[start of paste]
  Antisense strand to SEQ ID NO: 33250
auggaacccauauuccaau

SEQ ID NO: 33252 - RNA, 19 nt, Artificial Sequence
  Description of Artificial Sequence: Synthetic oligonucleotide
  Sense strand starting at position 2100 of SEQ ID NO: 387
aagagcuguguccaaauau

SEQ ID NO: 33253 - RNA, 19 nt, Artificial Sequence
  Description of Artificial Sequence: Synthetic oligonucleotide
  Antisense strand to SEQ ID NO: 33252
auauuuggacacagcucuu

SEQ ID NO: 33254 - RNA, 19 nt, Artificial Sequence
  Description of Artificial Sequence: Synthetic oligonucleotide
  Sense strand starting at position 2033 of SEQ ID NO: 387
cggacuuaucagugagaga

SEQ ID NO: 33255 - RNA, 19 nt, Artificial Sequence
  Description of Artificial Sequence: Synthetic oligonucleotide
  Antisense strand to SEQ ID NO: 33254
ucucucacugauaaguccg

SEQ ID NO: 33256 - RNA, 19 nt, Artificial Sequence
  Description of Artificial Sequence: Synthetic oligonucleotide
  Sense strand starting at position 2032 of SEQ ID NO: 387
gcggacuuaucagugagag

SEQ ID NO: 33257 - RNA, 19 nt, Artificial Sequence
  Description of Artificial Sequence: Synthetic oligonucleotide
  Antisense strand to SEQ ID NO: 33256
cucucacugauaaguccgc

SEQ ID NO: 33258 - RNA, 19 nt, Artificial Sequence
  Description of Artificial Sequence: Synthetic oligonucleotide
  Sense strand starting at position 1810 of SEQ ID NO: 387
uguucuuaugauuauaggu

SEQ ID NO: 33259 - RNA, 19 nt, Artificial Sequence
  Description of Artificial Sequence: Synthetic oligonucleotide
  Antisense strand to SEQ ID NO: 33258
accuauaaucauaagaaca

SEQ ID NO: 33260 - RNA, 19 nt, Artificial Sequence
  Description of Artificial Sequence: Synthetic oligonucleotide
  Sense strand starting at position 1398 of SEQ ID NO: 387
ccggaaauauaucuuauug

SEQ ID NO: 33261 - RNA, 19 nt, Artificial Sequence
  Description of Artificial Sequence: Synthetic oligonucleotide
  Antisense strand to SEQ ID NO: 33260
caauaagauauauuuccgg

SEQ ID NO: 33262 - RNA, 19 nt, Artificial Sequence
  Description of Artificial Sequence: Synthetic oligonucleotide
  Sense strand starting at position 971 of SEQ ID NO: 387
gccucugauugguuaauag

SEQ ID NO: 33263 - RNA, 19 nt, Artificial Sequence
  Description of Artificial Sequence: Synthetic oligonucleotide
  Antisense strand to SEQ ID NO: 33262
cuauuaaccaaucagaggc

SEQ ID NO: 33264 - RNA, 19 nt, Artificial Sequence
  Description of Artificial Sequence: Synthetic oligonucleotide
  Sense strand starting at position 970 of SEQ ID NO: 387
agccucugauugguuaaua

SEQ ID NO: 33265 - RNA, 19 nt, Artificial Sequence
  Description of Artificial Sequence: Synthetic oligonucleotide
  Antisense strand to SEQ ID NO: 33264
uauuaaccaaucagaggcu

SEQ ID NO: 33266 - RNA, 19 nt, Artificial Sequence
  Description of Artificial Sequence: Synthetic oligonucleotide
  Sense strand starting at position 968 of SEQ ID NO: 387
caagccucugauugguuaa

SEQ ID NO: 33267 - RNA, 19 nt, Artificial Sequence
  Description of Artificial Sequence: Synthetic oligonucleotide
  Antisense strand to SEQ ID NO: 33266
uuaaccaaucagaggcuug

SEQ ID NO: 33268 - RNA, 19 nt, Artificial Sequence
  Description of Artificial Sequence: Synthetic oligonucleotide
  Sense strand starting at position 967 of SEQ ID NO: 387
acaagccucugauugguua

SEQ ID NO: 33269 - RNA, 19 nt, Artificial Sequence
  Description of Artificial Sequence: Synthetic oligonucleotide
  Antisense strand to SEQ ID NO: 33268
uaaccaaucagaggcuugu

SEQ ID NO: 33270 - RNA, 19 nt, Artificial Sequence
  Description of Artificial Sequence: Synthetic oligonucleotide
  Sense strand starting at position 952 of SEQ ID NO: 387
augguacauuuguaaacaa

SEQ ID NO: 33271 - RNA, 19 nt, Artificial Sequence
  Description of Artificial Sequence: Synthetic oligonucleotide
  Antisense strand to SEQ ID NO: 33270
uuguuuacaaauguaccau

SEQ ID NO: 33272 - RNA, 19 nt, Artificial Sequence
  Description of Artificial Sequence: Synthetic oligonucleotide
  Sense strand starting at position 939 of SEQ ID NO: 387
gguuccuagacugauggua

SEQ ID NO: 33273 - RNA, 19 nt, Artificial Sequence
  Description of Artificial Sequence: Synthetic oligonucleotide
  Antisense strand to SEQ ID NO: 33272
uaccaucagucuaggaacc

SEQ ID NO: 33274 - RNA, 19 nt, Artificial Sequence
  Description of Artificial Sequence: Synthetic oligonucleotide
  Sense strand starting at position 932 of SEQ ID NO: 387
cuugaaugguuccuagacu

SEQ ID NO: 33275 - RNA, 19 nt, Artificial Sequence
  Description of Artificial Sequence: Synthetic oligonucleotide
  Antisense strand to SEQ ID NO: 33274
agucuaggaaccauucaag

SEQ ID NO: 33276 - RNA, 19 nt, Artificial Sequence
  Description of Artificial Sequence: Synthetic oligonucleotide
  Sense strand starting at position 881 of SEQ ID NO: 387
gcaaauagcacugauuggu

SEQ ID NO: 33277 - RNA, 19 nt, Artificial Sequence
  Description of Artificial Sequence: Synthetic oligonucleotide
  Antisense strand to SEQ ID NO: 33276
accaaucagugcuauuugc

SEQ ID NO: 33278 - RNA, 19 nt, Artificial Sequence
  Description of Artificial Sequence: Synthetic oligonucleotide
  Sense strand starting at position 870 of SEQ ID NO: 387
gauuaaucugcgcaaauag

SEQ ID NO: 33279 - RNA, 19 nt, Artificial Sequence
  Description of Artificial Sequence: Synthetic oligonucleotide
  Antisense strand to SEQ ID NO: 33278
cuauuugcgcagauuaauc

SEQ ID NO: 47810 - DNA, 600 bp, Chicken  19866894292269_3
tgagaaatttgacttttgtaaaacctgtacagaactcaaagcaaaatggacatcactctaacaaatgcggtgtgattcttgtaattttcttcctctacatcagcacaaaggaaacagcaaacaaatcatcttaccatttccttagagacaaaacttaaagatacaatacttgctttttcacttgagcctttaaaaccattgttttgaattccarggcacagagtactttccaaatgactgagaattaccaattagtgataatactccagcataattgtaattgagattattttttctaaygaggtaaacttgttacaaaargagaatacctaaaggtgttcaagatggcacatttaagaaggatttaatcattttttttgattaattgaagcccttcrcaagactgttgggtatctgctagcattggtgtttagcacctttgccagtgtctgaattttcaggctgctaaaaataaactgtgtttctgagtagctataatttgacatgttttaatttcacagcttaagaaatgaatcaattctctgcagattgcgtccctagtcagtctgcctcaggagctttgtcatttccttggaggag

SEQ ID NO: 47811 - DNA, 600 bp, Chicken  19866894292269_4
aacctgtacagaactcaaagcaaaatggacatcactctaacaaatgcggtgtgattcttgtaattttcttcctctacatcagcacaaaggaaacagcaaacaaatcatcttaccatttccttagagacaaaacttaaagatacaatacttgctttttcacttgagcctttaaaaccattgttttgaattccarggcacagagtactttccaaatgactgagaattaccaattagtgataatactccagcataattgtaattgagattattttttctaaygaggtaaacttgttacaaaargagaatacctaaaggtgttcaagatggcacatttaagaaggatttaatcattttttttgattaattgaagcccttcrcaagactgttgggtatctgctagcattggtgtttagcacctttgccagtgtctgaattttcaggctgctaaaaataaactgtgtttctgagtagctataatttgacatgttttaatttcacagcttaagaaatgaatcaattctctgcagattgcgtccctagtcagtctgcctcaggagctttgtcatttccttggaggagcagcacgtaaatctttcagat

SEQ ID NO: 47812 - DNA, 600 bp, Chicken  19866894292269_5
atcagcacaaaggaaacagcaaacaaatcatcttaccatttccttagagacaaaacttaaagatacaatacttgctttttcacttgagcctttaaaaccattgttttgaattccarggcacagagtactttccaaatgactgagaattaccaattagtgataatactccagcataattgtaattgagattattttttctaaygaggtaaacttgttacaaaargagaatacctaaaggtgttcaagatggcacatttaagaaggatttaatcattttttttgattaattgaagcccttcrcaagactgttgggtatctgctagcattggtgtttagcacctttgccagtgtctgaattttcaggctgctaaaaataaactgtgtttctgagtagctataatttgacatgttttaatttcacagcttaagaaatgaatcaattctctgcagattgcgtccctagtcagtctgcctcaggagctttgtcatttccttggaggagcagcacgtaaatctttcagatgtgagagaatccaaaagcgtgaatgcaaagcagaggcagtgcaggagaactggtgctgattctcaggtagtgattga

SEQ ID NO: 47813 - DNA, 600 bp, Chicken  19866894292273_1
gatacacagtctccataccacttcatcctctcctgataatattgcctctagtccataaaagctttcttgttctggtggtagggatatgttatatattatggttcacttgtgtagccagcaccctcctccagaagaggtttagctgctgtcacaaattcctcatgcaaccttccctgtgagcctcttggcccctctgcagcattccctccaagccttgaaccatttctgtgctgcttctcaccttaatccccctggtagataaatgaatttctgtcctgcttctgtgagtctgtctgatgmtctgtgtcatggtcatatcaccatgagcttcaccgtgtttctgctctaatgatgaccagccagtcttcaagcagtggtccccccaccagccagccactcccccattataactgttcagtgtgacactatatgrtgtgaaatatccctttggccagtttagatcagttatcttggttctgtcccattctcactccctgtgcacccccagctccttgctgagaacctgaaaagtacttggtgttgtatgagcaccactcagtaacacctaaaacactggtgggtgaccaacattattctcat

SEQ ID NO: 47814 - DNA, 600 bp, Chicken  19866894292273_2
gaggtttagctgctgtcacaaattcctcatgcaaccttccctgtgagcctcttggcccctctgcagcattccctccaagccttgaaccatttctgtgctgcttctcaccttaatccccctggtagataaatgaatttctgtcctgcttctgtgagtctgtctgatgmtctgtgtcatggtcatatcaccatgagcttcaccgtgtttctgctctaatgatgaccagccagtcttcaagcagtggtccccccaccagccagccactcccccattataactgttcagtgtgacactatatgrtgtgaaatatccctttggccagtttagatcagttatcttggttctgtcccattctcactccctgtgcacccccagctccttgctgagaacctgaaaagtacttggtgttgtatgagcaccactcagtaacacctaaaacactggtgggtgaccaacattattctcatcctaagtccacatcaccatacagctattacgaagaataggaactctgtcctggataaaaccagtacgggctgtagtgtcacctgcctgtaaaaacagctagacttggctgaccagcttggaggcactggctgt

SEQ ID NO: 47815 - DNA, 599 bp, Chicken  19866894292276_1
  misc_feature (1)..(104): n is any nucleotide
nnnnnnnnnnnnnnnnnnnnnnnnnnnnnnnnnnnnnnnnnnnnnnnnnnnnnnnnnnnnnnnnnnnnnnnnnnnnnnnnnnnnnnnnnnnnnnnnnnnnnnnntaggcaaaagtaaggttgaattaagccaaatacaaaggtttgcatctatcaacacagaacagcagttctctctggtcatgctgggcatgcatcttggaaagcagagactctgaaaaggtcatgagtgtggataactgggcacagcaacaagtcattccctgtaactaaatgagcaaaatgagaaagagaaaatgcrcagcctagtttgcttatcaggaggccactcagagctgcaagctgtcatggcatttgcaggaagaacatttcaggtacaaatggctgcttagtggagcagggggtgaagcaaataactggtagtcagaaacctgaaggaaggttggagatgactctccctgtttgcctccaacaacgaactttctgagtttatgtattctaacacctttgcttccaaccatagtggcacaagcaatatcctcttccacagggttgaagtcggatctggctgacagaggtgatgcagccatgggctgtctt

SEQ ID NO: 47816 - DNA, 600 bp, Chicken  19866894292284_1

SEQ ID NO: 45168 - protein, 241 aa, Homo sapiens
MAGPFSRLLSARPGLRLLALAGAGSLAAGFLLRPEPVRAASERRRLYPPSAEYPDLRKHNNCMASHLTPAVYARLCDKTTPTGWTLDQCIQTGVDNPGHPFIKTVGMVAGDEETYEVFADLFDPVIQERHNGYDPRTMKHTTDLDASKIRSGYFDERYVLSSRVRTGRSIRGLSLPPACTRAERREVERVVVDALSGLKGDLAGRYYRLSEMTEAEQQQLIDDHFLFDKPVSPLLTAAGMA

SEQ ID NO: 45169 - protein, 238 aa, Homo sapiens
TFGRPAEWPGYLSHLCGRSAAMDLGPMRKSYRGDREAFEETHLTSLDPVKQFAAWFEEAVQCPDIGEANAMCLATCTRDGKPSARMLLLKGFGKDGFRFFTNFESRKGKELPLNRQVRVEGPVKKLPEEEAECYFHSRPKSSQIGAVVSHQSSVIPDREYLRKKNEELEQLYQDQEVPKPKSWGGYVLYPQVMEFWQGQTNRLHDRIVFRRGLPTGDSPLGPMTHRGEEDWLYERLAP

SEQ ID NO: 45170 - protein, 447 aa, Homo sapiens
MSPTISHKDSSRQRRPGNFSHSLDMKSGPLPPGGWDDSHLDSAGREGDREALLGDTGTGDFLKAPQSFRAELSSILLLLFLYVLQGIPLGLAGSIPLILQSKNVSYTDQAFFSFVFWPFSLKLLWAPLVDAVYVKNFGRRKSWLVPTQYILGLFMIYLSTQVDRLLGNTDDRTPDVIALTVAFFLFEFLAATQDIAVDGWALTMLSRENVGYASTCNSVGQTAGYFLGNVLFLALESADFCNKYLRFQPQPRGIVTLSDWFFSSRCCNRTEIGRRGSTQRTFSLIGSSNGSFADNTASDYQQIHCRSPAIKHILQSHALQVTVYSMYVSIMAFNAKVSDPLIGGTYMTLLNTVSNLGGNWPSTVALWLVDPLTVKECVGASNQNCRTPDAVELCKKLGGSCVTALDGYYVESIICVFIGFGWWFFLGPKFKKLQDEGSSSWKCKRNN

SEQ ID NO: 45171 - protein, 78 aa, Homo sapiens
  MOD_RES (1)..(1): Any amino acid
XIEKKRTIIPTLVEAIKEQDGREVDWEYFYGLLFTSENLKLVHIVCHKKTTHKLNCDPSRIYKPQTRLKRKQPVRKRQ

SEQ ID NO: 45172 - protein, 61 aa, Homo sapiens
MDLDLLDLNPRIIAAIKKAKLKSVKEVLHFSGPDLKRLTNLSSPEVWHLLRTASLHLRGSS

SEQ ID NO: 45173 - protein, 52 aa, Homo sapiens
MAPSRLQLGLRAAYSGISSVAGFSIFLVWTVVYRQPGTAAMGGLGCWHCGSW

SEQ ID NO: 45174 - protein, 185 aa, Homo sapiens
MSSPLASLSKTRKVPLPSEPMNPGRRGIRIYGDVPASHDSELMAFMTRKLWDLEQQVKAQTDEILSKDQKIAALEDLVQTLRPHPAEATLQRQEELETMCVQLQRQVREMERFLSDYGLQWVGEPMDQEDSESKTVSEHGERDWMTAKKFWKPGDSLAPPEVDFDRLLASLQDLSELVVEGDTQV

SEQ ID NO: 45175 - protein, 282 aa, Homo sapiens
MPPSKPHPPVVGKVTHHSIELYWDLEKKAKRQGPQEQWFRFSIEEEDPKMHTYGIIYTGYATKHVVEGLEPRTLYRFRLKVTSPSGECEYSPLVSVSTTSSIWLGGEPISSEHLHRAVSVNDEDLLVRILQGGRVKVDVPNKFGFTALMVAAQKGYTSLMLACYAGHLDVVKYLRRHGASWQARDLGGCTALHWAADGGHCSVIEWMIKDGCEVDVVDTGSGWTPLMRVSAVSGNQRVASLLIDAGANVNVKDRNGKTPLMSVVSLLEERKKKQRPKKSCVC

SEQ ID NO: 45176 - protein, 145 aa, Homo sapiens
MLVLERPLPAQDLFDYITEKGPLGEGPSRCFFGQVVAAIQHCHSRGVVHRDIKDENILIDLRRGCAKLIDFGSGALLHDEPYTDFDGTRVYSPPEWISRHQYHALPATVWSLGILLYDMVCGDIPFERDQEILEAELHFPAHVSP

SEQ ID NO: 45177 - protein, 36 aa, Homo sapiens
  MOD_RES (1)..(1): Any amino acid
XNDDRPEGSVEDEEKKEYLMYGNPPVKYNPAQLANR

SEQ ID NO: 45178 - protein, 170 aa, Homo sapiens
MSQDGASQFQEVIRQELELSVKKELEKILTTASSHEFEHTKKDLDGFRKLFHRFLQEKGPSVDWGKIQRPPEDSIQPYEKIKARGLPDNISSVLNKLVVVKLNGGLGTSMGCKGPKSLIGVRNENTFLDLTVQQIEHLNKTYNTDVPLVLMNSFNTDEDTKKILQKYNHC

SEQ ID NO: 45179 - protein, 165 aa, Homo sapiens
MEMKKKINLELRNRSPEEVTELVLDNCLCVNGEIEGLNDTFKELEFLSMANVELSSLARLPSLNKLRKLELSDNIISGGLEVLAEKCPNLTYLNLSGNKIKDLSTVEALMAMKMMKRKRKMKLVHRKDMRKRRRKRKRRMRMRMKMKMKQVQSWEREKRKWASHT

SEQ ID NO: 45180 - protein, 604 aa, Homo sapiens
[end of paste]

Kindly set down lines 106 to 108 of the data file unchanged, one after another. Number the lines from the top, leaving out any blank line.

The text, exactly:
accaaucagugcuauuugc

SEQ ID NO: 33278 - RNA, 19 nt, Artificial Sequence
  Description of Artificial Sequence: Synthetic oligonucleotide